Speak With A Care Manager 24/7: (866) 454-8346 Request A Free In-Home Consultation

How Home Care Services Can Give Your Family Peace of Mind

Caring for someone with Alzheimer’s disease can be stressful and overwhelming. Knowing what to expect can help you make care decisions, provide a safe environment, and improve the well-being of your loved one.

Female caregiver offering support and companionship to female home care client.

Since most older adults want to remain at home, ensuring their safety and well-being requires planning. Family caregiving is the backbone of caregiving in the US, but the stress of providing this care can make it unsustainable. Loss of income from giving up employment and other expenses related to caregiving also often prompts families to seek help. Fortunately, that help is readily available through home care services.

What can often perplex families is how and when to get started. In most cases, the sooner you introduce the idea of home care to a loved one, the better. Earlier intervention can make the transition easier while providing support and communication to improve health. By calling us at Home Care Assistance, we can do an initial screening call and then plan for an in-person evaluation to determine your loved one’s needs. Let’s review how home care can help and how to get started.

What is Home Care?

Home care is the provision of professional caregivers trained in caring for older and disabled adults. State regulations dictate what in-home caregivers can do for clients. The value of home care is that other insurance-related services do not cover the kind of tasks that home care caregivers can provide. For example, someone who breaks their hip and goes to rehab returns home with insurance-covered home health in some cases. Under Medicare, aides come to the home about three times a week for approximately an hour to help with bathing and grooming. They are not permitted to shop, cook, or provide companionship. That’s where home care comes in!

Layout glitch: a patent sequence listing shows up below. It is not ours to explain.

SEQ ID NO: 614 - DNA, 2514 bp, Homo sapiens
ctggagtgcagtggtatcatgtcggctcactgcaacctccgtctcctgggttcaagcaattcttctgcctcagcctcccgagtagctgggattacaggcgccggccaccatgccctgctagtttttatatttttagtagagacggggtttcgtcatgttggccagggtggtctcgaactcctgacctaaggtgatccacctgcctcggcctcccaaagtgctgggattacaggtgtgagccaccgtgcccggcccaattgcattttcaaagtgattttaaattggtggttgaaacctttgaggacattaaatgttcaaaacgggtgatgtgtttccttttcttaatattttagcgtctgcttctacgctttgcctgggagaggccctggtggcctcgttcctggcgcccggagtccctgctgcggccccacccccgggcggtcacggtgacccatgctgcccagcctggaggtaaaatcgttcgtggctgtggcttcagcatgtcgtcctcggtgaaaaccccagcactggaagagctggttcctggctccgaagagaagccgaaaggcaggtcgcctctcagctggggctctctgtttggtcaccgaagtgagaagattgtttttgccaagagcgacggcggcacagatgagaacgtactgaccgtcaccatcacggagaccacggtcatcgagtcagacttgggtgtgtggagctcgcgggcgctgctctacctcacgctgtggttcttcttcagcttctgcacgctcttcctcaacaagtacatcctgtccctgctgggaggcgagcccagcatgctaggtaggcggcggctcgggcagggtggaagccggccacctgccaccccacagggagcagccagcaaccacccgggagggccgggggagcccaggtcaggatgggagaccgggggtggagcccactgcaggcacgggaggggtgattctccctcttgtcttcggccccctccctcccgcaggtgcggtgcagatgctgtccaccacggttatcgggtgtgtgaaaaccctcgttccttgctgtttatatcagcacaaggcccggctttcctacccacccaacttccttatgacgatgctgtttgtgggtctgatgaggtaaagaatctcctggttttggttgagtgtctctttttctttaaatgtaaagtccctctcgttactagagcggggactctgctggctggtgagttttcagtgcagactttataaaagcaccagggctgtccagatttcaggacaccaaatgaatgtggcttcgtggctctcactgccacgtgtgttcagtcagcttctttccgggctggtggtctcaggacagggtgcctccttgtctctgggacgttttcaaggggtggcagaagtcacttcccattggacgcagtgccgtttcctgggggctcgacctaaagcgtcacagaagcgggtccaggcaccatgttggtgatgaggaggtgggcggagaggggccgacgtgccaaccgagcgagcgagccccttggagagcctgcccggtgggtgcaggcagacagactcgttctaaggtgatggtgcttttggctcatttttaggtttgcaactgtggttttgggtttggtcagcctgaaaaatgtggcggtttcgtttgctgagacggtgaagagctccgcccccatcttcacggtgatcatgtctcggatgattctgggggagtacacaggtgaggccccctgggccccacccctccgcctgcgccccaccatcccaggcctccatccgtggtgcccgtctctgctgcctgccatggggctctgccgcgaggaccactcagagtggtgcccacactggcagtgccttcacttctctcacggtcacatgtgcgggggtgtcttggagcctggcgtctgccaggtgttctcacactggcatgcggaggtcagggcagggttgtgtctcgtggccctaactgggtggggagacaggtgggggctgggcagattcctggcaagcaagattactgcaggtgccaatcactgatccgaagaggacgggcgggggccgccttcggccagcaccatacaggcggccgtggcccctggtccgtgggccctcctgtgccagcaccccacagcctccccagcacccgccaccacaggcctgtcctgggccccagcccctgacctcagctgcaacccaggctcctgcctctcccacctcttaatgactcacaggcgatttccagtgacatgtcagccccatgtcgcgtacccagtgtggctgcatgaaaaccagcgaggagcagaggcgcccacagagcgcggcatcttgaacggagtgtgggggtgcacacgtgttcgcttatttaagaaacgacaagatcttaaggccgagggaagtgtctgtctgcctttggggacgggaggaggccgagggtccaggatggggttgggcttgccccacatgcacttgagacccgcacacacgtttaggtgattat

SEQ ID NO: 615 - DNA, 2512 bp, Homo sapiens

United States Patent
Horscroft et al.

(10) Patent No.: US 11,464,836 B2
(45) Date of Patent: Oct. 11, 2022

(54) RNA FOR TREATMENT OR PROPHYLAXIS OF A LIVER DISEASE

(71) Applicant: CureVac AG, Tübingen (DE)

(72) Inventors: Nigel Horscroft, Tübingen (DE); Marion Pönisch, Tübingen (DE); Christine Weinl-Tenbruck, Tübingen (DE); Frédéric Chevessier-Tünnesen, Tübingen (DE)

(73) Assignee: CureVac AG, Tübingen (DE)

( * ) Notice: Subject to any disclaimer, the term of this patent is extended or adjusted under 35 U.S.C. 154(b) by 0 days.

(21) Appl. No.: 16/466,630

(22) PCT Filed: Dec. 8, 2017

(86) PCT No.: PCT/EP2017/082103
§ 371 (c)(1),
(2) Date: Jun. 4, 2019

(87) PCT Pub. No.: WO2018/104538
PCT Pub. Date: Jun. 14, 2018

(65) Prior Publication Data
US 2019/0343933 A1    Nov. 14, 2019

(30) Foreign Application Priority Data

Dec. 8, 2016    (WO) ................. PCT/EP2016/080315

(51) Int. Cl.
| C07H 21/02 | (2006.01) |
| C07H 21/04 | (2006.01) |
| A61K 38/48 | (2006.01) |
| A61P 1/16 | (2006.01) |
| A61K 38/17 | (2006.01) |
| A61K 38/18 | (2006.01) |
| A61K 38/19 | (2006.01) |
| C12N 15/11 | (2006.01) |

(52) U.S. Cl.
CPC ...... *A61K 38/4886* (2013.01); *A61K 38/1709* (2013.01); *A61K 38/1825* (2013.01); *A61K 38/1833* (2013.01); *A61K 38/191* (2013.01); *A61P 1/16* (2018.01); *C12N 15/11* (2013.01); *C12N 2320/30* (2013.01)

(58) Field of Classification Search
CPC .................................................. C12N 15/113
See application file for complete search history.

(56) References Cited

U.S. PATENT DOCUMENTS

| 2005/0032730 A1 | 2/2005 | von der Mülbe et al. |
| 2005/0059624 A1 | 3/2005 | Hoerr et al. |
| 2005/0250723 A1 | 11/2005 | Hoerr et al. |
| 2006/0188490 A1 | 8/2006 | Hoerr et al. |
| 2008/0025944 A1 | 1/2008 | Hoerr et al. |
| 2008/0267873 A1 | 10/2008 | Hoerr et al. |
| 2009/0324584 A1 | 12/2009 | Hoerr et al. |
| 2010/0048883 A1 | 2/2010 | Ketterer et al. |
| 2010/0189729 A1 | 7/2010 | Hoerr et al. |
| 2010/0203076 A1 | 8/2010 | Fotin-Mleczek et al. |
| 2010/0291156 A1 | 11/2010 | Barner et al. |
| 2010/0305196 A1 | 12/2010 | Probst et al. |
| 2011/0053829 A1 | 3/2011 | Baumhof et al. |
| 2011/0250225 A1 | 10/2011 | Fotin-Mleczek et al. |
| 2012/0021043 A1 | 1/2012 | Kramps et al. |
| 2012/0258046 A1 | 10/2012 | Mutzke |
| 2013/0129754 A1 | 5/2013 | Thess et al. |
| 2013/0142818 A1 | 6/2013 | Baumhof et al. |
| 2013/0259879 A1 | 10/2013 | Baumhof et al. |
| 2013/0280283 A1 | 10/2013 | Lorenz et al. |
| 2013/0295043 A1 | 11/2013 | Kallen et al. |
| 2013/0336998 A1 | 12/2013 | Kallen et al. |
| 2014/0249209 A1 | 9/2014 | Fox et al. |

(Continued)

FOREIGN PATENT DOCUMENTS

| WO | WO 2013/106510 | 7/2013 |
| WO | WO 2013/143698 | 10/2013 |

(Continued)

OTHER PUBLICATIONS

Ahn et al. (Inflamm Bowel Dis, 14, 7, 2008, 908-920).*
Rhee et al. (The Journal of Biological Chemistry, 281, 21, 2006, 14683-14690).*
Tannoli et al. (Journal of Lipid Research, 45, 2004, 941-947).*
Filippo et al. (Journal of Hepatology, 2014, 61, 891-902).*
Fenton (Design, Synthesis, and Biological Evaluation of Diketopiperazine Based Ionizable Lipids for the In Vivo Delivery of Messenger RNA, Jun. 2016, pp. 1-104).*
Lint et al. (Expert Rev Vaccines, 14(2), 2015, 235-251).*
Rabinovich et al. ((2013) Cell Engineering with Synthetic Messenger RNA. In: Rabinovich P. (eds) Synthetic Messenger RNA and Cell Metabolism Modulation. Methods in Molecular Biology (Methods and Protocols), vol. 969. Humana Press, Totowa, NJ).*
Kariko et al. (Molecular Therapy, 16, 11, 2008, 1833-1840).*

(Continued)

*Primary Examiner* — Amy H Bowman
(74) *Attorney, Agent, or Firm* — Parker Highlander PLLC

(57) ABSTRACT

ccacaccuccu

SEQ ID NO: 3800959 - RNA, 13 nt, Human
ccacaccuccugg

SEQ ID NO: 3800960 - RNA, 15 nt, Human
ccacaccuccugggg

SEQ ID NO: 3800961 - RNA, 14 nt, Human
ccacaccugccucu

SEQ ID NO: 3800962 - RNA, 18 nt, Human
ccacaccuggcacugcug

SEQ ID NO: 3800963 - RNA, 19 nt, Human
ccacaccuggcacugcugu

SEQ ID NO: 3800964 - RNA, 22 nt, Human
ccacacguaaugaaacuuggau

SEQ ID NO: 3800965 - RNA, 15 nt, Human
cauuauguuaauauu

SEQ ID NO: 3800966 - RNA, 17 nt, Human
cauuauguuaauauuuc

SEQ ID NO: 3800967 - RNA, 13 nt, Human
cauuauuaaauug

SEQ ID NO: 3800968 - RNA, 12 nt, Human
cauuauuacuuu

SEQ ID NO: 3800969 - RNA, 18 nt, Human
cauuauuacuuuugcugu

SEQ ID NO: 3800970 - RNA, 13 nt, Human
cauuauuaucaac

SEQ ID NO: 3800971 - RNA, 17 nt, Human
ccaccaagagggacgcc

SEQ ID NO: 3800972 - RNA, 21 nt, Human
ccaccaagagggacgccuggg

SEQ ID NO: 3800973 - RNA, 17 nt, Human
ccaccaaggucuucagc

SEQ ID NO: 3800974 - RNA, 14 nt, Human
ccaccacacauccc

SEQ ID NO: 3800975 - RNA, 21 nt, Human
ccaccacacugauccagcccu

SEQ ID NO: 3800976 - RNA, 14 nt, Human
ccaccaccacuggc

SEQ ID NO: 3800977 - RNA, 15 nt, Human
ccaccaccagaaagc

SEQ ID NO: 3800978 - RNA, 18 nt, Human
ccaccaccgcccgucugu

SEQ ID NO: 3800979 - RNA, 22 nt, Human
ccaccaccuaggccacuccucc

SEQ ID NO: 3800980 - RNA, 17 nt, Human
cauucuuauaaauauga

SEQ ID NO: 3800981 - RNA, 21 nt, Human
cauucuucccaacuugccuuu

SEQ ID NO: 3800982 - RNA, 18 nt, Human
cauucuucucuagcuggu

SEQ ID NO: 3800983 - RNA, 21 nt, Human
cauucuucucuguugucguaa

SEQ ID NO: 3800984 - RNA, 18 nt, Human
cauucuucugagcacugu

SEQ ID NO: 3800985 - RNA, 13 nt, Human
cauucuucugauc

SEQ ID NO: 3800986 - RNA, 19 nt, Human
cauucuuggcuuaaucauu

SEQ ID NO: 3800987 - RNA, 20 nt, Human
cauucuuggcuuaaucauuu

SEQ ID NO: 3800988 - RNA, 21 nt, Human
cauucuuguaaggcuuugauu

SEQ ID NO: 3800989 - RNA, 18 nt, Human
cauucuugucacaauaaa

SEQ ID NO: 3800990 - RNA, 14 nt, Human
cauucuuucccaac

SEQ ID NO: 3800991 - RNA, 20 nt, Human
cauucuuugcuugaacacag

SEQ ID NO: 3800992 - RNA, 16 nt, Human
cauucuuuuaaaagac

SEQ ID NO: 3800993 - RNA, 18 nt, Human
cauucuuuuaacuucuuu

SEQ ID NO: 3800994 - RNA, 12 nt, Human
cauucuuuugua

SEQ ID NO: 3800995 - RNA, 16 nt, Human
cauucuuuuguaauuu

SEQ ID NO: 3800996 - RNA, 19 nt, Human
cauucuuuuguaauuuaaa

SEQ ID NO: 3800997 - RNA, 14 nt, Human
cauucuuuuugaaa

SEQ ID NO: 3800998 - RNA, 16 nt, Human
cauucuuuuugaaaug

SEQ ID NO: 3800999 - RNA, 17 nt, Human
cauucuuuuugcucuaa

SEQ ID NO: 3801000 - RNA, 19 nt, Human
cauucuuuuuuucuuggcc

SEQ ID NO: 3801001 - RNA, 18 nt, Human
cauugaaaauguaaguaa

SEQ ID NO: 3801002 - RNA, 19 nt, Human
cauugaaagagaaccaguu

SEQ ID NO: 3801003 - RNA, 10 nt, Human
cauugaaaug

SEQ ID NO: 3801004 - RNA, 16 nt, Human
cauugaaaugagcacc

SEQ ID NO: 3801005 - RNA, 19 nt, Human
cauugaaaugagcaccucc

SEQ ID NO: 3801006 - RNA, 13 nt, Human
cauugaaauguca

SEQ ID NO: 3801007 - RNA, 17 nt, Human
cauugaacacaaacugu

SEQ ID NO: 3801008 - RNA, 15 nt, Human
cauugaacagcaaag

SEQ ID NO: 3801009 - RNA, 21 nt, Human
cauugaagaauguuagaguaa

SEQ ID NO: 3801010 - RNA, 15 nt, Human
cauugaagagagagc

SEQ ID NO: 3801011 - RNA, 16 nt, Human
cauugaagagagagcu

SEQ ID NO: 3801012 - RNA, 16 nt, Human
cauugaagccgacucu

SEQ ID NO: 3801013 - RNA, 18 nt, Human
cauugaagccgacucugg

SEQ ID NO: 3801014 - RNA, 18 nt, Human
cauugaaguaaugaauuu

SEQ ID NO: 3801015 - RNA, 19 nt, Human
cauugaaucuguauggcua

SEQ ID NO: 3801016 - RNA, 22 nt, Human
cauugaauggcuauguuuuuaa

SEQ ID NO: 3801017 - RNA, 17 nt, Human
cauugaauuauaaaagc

The Support That Home Care Provides

The tasks that home care provides offer a foundation of support in times of need. These include:

● Shopping and meal preparation
● Medication reminders
● Assistance with activities of daily living such as bathing, dressing, and hygiene
● Transportation to medical appointments or other preferred places such as parks, museums, visiting friends, church, etc.
● Companionship care, like playing games, teaching technology, and providing emotional support
● Reinforcing physical therapy exercises and encouraging safe activity
● Communicating concerns to family

Tasks In-Home Caregivers Cannot Provide

Not every state has the same caregiver restrictions, so check with your home care company to clarify what tasks can not be provided. In general, caregivers can’t:

● Do home maintenance or home repairs
● Provide any medical services such as wound or catheter care
● Do physical or occupational therapy
● Provide psychological counseling
● Do deep cleaning
● Clip nails
● Set up or dispense medications

What Are the Benefits of Home Care?

Discussing the benefits of home care with your loved one can reinforce the goal of remaining at home. If siblings are involved, ask them to participate in the initial assessment, care plan, and caregiver selection. Here are some of the benefits of home care:


Home care is flexible depending on your loved one’s needs. Care could be several hours a day, round the clock, or several days a week. Hours can vary as your loved one’s care needs change.